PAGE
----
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The Physical Examination

In addition to exploring the patient's clinical history, the physician will carry out a physical examination to further narrow the list of possible conditions. The patient's temperature, blood pressure, and rate of respiration will be measured. He or she will be weighed and his or her height measured. The physician will use an otoscope to examine the eardrums and to look into the throat for signs of inflammation, infection, or other abnormal conditions.

The heart and lungs can be examined superficially using a stethoscope. Abnormalities in the heartbeat or in the functioning of the heart valves can be heard in this way, and the presence of water or other fluid in the lungs can be heard as noises called rales. The physician also can study the sounds made by the intestines by listening to them through the stethoscope.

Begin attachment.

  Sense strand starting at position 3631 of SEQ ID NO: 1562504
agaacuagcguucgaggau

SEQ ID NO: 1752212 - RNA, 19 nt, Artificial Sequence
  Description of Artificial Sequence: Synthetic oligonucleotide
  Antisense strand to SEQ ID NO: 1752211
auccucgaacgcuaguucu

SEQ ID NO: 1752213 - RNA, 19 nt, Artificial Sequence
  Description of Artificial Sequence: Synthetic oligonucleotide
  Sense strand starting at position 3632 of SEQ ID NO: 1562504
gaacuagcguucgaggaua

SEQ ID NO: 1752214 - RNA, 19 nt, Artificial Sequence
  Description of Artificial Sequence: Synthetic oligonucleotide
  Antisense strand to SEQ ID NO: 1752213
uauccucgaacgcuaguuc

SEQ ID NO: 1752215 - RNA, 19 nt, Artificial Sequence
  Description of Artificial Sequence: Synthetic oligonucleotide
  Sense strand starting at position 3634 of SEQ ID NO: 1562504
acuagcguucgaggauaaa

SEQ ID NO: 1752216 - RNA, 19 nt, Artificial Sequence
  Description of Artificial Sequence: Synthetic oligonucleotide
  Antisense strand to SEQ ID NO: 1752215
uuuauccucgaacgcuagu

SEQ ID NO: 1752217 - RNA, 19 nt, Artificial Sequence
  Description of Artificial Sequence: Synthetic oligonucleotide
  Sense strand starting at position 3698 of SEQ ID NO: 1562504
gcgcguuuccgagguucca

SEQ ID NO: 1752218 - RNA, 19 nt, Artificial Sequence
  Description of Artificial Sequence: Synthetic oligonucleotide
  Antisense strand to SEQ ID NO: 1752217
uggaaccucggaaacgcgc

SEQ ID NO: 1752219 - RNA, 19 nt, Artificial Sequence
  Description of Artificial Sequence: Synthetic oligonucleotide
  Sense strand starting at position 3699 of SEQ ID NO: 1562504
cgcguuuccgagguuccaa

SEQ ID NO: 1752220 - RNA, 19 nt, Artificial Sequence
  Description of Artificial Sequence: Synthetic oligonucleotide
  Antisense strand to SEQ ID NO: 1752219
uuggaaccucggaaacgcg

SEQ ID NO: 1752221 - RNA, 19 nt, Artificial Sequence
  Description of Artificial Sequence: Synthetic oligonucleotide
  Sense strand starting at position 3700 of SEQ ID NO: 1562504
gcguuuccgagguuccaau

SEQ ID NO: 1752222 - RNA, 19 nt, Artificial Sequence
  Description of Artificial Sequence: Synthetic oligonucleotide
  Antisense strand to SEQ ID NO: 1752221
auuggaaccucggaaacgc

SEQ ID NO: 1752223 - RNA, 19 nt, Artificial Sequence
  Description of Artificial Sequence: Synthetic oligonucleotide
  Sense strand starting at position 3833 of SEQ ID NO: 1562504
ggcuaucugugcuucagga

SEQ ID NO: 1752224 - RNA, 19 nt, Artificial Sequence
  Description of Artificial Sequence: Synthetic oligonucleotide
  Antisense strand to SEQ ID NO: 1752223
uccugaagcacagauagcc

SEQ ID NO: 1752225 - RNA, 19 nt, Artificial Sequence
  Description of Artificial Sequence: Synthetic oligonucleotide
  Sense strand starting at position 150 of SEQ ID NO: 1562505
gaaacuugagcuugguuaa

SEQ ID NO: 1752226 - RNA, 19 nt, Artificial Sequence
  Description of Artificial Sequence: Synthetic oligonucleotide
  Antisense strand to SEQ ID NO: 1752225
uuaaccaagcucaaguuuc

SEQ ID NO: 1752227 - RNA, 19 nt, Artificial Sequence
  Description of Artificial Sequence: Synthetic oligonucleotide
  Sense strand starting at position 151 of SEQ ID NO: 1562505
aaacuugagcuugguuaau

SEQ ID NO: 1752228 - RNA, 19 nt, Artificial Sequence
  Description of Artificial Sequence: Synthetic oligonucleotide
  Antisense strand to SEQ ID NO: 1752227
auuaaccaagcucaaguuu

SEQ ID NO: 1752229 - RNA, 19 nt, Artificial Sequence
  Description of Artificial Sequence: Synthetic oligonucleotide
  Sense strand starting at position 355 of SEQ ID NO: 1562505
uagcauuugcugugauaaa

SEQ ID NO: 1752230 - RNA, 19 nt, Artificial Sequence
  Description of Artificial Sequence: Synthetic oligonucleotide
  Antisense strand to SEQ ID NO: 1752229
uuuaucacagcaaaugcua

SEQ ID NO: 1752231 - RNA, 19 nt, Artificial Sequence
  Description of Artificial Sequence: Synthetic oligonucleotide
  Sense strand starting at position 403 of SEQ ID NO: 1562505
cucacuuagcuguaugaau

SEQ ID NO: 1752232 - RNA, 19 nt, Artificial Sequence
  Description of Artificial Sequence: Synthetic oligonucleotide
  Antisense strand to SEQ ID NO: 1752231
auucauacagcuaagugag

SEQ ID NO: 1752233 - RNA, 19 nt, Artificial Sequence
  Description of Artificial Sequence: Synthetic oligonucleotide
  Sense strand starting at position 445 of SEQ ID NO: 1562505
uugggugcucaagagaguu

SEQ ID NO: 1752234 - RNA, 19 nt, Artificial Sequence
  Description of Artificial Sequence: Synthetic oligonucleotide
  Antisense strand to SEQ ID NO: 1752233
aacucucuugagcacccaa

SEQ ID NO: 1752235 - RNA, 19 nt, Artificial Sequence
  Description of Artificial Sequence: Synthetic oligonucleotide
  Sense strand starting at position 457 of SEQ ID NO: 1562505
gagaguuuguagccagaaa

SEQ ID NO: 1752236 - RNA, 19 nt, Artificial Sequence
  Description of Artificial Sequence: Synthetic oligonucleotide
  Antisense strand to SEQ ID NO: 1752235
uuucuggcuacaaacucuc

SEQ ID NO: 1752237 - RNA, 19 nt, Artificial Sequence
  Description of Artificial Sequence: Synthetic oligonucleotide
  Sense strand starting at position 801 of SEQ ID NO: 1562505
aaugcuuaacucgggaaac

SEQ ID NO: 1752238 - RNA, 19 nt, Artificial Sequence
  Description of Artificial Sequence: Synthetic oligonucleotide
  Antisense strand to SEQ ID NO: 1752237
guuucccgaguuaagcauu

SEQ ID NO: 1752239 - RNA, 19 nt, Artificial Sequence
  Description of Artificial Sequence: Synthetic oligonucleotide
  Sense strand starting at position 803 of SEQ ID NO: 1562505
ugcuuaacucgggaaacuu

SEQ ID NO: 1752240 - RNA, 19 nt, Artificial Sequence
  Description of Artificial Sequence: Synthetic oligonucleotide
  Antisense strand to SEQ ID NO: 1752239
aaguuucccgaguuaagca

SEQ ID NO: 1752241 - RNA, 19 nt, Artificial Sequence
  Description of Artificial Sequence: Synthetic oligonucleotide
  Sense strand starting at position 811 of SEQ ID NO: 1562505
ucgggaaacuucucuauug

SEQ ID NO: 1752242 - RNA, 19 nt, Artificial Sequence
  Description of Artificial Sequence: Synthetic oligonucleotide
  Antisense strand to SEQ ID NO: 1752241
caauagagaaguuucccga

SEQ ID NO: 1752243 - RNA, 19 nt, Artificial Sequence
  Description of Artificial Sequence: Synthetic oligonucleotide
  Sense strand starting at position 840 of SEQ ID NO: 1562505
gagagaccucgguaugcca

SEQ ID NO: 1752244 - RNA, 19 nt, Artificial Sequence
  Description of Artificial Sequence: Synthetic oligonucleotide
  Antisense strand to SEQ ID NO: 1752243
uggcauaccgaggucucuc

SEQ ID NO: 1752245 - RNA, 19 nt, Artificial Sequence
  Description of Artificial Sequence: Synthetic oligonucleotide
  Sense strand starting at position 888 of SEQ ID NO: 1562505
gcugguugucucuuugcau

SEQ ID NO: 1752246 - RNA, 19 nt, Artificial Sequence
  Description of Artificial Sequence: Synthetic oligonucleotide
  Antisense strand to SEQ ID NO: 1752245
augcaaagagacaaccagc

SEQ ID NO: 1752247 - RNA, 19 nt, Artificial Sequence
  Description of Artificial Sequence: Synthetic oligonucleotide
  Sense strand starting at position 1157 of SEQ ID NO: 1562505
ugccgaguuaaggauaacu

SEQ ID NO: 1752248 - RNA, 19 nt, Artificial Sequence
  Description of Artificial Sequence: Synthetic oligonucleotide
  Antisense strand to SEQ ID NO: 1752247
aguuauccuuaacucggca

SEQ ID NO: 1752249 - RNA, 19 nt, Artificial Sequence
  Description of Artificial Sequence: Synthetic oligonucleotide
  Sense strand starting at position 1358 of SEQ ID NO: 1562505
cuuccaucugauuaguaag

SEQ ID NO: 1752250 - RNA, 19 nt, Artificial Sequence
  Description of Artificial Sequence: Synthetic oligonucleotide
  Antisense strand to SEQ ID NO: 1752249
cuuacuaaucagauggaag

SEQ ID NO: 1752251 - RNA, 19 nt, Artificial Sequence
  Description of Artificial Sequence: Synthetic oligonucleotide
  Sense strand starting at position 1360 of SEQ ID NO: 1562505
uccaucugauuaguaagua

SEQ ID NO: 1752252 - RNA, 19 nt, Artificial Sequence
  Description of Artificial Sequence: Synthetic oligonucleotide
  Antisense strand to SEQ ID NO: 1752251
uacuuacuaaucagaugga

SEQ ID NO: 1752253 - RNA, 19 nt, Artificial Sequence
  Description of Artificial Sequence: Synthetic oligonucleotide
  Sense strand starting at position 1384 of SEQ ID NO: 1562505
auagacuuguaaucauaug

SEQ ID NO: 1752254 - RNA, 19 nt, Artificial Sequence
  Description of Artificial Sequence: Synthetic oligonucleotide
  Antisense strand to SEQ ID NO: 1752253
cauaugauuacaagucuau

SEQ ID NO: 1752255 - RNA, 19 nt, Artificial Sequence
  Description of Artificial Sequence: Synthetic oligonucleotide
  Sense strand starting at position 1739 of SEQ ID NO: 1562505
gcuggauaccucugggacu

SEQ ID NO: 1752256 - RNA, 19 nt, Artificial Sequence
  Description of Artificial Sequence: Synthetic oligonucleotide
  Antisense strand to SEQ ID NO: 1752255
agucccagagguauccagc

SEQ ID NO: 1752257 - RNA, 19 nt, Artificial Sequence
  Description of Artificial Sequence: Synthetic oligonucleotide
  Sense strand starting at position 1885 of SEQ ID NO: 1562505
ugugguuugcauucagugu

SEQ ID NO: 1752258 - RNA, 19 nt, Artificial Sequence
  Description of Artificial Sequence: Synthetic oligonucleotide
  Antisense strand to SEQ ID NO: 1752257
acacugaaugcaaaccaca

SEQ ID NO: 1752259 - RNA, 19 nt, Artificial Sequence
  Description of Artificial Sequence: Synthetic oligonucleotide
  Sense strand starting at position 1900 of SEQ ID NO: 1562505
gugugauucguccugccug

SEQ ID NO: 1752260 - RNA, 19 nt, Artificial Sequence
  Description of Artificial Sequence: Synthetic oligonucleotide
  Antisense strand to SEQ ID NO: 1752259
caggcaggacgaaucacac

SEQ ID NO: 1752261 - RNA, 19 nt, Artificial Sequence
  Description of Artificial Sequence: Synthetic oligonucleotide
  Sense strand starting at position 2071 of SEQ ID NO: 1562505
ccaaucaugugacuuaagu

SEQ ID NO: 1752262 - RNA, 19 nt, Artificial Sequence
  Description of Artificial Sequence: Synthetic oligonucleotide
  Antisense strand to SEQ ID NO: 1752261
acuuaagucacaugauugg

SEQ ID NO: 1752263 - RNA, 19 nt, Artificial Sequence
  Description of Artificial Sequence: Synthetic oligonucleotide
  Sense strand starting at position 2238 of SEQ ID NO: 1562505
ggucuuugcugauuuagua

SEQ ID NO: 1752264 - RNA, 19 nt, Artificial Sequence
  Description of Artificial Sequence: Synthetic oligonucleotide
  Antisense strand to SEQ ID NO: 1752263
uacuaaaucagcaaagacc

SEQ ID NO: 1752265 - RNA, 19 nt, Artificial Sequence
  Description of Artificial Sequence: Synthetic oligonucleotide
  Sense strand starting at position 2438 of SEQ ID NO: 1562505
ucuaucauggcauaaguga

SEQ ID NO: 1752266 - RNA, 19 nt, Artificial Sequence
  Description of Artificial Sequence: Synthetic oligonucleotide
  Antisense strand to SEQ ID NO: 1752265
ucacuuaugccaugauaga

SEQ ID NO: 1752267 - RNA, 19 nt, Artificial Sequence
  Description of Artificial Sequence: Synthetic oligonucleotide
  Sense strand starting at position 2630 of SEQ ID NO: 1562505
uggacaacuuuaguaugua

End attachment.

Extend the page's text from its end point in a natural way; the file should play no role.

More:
Using his fingers, a technique called palpation, the physician probes the abdomen for signs of pain or an abnormal lump or growth. He also feels the neck, the axillary area (armpit) and other locales to locate any enlarged lymph nodes, a sign of an infection. Such probing also may bring to light the presence of a tender area previously unknown to the patient.

If the patient is complaining of an injury, the physician can carefully palpate around the injury to determine its size. He can bend an leg or arm to assess the integrity of the joint. Using other maneuvers, he can determine whether a ligament has been torn and if it may need surgical correction.

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